Tag Archive 'present moment only moment'

Oct 23 2012

How to Expand Time: 5 Ways to Enter the Spacious NOW – #97

Since my cancer adventure began, I’ve been motivated to live fully while I’m alive, savoring each moment, relishing this precious life. As a result of that, something wonderful has happened: the quality of time has changed for me…time has miraculously expanded! I told a friend about this recently and she, being a busy person who’s always crunched for time, was genuinely intrigued, “How do you do that? How do you expand time?” I started thinking about it: exactly how DO I do that? Here’s what I’ve learned:

1. Notice:

The first and most important thing I do is become aware that I’m NOT present. I notice what’s happening in my mind and body: I’m in my head, in the future or past, I’m tense, shallow breathing, not feeling my feet on the ground, and generally having an ‘out of body’ experience. Just the act of noticing brings about more spaciousness.

2. Get over yourself:

I become aware of my posture: When I’m not present, I’m usually either hurtling forward, ungrounded, ahead of myself, or turtling inward, head scrunched down and shoulders raised. I then shift by straightening myself up and reminding myself, “Get over yourself, feel your feet on the ground, and feel yourself solidly over your feet.” Several years ago I was shuffling along, busy in my head about some future event, not aware of my feet on the ground, and I tripped on a crack in the sidewalk. Down I went, HARD, crashing my cheek onto a car bumper on the way down – I was literally grounded! From then on, whenever I walk I become aware of feeling my feet firmly on the ground, with my body over my feet, and, as Thich Nat Khan says, “My feet kiss the ground with every step.”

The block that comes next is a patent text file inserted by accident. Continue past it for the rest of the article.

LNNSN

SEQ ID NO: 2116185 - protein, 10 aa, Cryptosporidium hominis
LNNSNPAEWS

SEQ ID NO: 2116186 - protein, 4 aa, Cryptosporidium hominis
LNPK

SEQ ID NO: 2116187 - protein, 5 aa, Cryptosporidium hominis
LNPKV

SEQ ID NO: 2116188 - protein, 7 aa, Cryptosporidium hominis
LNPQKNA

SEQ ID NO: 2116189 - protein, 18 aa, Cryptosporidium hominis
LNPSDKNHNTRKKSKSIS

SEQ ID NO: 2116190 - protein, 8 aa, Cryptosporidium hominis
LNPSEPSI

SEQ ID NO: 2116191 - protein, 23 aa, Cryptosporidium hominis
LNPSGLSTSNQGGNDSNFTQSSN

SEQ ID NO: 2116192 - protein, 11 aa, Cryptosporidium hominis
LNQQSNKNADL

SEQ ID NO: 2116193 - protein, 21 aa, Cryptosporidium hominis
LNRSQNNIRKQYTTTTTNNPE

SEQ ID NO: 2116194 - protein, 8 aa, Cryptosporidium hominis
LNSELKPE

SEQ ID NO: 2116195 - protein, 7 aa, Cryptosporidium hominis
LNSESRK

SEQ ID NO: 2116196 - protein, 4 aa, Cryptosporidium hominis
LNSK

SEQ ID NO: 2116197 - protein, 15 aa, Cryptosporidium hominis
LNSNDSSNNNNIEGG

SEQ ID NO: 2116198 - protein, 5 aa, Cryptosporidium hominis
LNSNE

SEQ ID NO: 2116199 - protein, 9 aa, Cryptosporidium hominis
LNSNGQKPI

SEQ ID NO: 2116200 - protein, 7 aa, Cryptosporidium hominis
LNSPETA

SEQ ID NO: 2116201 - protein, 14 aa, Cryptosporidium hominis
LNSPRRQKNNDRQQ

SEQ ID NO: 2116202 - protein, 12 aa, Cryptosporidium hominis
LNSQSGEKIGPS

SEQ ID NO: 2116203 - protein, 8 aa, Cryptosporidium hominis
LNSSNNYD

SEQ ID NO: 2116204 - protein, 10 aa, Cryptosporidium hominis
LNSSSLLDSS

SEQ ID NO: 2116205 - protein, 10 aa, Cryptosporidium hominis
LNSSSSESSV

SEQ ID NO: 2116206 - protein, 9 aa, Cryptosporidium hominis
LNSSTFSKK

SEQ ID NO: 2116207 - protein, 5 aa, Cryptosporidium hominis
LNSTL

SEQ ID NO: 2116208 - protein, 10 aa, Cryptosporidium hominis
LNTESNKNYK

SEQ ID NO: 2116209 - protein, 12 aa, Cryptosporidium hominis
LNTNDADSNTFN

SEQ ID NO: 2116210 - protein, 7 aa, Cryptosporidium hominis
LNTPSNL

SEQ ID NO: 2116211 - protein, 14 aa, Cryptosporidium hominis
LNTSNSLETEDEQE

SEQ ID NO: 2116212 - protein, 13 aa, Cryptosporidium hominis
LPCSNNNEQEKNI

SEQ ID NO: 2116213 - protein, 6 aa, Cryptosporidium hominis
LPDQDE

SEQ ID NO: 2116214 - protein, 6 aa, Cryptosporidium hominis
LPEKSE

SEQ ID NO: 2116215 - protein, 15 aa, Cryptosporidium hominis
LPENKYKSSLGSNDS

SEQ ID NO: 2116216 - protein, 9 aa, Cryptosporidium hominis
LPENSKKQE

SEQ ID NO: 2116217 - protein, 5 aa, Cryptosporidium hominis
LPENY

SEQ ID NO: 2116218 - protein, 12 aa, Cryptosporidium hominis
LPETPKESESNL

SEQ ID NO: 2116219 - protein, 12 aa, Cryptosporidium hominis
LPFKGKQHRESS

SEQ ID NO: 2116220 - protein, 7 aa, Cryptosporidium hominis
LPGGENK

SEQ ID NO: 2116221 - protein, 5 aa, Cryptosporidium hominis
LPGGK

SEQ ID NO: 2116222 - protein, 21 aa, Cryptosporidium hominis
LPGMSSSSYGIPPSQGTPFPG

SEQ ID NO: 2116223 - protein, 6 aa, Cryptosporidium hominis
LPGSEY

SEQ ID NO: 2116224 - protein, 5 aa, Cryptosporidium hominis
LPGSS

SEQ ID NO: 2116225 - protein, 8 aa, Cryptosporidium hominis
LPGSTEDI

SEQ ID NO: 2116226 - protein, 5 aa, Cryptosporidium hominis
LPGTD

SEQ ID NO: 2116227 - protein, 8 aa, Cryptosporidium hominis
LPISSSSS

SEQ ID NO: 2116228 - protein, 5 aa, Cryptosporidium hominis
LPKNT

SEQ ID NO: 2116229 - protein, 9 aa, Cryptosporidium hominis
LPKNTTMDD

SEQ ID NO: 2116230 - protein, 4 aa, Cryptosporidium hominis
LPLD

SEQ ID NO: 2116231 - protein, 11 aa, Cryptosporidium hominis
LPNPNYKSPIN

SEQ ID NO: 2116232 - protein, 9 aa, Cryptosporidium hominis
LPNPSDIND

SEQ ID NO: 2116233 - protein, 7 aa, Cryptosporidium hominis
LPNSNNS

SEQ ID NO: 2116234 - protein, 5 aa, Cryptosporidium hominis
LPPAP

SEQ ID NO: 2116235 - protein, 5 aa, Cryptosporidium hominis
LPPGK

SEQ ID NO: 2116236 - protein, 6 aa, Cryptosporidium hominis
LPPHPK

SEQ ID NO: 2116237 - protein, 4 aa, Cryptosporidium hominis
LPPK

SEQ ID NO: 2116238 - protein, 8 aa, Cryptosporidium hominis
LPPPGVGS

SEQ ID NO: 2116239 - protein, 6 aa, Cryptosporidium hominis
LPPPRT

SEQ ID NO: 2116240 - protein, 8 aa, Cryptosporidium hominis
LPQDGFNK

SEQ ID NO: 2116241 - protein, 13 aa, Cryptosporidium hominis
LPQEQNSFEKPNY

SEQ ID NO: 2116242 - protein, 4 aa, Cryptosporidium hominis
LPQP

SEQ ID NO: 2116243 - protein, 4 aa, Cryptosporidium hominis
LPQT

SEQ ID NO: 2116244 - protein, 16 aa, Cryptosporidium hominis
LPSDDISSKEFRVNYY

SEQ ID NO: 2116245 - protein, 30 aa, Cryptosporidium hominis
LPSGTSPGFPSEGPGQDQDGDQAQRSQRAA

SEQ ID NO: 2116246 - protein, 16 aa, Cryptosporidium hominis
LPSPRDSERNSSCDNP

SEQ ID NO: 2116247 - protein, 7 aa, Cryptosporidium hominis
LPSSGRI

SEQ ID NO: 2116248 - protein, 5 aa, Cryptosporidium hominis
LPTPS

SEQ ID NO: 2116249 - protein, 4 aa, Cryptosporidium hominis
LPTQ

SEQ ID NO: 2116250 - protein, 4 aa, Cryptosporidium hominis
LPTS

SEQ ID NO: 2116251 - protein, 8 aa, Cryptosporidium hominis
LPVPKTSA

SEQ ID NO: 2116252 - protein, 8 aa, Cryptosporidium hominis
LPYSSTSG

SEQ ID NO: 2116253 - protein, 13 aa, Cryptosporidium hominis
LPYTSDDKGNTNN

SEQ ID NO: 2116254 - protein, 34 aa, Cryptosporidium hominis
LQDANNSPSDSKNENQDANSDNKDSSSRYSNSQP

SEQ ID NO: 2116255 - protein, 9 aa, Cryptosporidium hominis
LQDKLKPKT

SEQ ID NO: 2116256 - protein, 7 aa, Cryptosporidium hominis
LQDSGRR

3. Breathe:

Shallow breaths sustain a shallow life; deep full breaths sustain a deep full life. When I notice my breath is shallow, I take deep, slow, soft breaths, breathing in up through my feet and breathing out down through the top of my head; breathing life and being breathed by life. That instantly delivers me to the spacious present. “He lives most life whoever breathes most air.” –Elizabeth Barrett Browning

4. Affirmations:

In Aldous Huxley’s novel, Island, the myna birds say over and over again, “Here and now boys, here and now.” When I find myself rushing, futuring or past-ing, I say, “Present moment, only moment.” I also say, “No hurry, no worry.” Mindfulness teacher Jon Kabat-Zinn suggests that we say the words “This is it” throughout the day, reminding ourselves that right now is IT!

5. See and Savor:

I look and see where I am and who I’m with, softening my gaze, drinking it all in with present-moment baby eyes. I marvel at my surroundings, “Look at how blue the sky is today”, or “There are so many shades of green in that tree.” I appreciate where I am, relishing what’s present, counting my blessings, thankful for this moment, grateful for this life. I was enjoying a delicious lunch at a Thai restaurant with Tom recently, and suddenly looked up from my food, and feasted my eyes on him, really seeing and appreciating the beautiful soul that he is, and feeling deep gratitude that he is in my life. Tom Yum!

When I’m scurrying about on the hamster wheel of life, time seems infernal; but when I stop spinning and fully embody this moment, time becomes eternal. Or, as I once wrote: When I immerse myself in the present moment and savor it like delicious candy, time stretches like taffy into a sweet eternal Nooow!